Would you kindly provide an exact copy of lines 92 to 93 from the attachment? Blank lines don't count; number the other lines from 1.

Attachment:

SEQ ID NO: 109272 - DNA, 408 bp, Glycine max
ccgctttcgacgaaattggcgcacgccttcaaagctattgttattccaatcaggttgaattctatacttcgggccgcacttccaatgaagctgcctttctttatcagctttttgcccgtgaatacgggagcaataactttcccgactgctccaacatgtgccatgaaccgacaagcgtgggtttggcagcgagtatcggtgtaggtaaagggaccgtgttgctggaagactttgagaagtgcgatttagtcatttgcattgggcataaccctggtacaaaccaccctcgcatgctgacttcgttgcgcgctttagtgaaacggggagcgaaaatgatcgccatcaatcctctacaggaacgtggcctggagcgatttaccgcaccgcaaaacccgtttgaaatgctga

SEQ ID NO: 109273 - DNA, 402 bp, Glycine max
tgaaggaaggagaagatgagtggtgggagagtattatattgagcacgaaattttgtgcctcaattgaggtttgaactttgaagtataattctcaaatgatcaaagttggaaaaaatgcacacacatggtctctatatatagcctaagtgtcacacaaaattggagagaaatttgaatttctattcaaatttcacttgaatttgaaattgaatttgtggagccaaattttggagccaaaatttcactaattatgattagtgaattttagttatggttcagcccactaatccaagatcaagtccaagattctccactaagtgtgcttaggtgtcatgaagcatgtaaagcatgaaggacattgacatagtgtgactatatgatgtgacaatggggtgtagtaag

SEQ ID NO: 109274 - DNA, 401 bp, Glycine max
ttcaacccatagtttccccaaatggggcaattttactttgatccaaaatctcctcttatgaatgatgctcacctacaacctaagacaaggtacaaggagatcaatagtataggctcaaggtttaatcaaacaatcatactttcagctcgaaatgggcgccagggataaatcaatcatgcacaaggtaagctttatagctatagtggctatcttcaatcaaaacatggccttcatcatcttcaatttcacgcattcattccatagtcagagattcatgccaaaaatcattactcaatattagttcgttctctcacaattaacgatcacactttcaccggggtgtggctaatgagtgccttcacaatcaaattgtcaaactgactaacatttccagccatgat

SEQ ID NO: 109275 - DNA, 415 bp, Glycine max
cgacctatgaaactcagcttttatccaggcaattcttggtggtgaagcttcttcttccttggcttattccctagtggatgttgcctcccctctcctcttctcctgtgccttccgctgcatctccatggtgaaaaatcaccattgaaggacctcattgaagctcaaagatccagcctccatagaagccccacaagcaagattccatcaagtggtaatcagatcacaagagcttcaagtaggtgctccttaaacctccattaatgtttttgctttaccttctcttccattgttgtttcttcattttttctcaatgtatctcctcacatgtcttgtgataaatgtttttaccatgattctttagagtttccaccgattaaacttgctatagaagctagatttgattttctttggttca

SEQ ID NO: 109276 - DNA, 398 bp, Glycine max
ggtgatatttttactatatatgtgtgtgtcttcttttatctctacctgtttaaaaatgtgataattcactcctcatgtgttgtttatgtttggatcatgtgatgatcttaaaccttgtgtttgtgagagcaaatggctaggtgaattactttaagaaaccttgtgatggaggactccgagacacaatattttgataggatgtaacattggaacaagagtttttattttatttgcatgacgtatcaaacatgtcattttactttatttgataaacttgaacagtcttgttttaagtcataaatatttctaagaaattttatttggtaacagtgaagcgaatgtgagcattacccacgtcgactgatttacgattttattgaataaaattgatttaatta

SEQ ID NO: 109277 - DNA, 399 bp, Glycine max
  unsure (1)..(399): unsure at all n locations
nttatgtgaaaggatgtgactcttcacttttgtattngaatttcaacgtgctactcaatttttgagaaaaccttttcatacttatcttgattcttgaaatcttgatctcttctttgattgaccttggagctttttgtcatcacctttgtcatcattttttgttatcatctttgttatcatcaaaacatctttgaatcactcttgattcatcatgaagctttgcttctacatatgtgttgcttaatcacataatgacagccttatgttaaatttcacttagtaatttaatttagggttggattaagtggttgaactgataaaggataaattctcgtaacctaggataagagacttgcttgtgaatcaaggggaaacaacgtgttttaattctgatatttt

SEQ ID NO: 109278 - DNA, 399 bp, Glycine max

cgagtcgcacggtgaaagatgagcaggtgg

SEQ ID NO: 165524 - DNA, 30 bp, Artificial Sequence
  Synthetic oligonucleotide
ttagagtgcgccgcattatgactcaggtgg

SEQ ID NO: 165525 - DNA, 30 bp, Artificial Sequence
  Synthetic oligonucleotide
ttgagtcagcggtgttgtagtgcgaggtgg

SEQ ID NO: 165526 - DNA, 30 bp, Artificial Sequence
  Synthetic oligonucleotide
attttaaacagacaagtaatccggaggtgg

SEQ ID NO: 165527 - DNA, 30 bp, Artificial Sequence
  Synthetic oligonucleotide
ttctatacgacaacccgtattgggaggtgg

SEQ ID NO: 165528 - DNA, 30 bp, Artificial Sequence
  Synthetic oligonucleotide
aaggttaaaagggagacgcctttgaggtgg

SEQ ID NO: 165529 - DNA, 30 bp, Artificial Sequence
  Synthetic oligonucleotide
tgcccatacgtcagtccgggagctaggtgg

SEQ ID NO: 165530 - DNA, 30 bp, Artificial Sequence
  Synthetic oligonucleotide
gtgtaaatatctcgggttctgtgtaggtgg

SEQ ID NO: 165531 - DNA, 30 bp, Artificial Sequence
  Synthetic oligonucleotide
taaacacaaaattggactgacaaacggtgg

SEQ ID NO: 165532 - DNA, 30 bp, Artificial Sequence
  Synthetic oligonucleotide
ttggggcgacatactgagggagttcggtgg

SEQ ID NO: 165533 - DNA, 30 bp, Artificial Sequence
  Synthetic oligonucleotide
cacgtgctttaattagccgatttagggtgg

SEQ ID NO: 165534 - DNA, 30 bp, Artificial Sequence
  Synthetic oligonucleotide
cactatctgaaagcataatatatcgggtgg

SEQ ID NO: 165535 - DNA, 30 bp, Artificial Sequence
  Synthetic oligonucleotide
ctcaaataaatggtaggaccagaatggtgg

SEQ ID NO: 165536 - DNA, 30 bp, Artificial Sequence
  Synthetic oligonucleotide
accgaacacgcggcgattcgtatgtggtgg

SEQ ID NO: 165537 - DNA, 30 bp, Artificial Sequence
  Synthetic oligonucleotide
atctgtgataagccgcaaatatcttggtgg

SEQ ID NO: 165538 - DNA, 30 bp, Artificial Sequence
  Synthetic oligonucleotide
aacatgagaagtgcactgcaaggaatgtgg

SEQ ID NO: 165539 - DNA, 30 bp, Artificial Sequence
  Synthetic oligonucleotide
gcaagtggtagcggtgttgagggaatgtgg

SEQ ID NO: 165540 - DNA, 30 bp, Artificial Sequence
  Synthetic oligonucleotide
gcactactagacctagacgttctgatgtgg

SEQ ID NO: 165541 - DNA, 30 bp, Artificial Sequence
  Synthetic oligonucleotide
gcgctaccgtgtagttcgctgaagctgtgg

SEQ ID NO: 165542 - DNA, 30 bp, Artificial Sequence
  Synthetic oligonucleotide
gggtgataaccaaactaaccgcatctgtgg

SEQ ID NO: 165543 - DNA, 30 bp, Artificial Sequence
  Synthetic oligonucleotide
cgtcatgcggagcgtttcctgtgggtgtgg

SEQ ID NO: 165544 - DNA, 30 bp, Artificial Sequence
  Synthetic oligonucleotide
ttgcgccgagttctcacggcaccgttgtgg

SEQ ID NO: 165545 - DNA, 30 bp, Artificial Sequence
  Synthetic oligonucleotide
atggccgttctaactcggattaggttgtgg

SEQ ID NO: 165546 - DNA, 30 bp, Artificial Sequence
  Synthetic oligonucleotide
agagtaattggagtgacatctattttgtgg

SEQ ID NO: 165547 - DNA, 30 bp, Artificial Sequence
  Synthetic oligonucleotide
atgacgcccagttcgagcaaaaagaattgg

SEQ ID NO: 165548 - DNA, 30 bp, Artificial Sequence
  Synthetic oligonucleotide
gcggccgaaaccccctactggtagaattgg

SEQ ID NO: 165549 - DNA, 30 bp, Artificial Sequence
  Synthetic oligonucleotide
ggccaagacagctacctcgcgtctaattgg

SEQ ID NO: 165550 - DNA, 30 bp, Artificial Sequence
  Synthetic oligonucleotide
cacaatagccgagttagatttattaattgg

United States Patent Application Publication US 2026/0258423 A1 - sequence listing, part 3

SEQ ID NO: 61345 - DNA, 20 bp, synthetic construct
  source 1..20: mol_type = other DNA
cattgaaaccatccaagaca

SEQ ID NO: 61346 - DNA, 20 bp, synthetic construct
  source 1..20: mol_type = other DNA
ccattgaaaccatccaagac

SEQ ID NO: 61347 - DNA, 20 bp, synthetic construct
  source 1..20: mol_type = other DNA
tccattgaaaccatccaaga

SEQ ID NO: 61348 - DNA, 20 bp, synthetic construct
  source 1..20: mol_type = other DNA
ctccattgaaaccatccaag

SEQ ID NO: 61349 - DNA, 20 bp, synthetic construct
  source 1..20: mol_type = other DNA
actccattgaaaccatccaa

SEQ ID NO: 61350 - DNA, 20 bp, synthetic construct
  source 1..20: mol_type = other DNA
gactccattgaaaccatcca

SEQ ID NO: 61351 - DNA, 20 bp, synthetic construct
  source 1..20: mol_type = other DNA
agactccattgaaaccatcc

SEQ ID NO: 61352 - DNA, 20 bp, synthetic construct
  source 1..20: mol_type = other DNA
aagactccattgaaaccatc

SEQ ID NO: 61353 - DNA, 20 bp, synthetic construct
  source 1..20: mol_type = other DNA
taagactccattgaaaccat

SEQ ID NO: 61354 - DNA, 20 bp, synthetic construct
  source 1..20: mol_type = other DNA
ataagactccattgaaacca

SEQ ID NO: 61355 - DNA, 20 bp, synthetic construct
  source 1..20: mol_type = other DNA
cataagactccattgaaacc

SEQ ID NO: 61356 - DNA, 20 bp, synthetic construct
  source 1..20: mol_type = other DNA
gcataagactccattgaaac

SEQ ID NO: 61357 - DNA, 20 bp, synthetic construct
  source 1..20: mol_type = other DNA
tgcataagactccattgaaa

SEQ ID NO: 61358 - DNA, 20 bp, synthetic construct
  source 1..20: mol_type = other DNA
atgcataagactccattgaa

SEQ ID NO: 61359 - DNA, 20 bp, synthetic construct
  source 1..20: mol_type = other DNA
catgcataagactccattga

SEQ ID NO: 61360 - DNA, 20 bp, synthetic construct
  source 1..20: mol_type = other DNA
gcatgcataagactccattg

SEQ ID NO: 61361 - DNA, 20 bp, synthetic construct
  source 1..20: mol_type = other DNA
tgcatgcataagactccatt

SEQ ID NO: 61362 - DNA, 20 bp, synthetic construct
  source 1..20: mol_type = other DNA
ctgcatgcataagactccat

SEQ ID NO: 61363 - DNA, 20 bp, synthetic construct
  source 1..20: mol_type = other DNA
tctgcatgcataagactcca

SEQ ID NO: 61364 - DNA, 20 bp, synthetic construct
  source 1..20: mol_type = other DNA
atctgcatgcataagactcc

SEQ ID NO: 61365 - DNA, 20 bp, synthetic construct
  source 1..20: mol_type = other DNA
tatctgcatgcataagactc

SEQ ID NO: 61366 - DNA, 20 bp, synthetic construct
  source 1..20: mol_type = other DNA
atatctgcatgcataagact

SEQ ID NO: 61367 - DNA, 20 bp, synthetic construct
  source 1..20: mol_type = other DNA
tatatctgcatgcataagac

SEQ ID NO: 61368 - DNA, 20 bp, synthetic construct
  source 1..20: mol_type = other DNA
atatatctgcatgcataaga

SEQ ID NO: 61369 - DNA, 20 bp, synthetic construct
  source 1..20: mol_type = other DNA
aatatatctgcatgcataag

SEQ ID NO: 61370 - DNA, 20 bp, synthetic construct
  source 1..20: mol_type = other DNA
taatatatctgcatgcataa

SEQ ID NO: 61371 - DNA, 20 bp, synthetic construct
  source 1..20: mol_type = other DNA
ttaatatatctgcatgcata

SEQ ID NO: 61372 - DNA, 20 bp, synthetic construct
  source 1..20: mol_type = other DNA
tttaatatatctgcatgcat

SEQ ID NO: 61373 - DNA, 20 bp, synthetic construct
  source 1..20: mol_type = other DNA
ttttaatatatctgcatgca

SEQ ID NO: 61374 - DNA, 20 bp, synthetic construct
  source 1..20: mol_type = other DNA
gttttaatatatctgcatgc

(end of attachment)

  Synthetic oligonucleotide
ggccaagacagctacctcgcgtctaattgg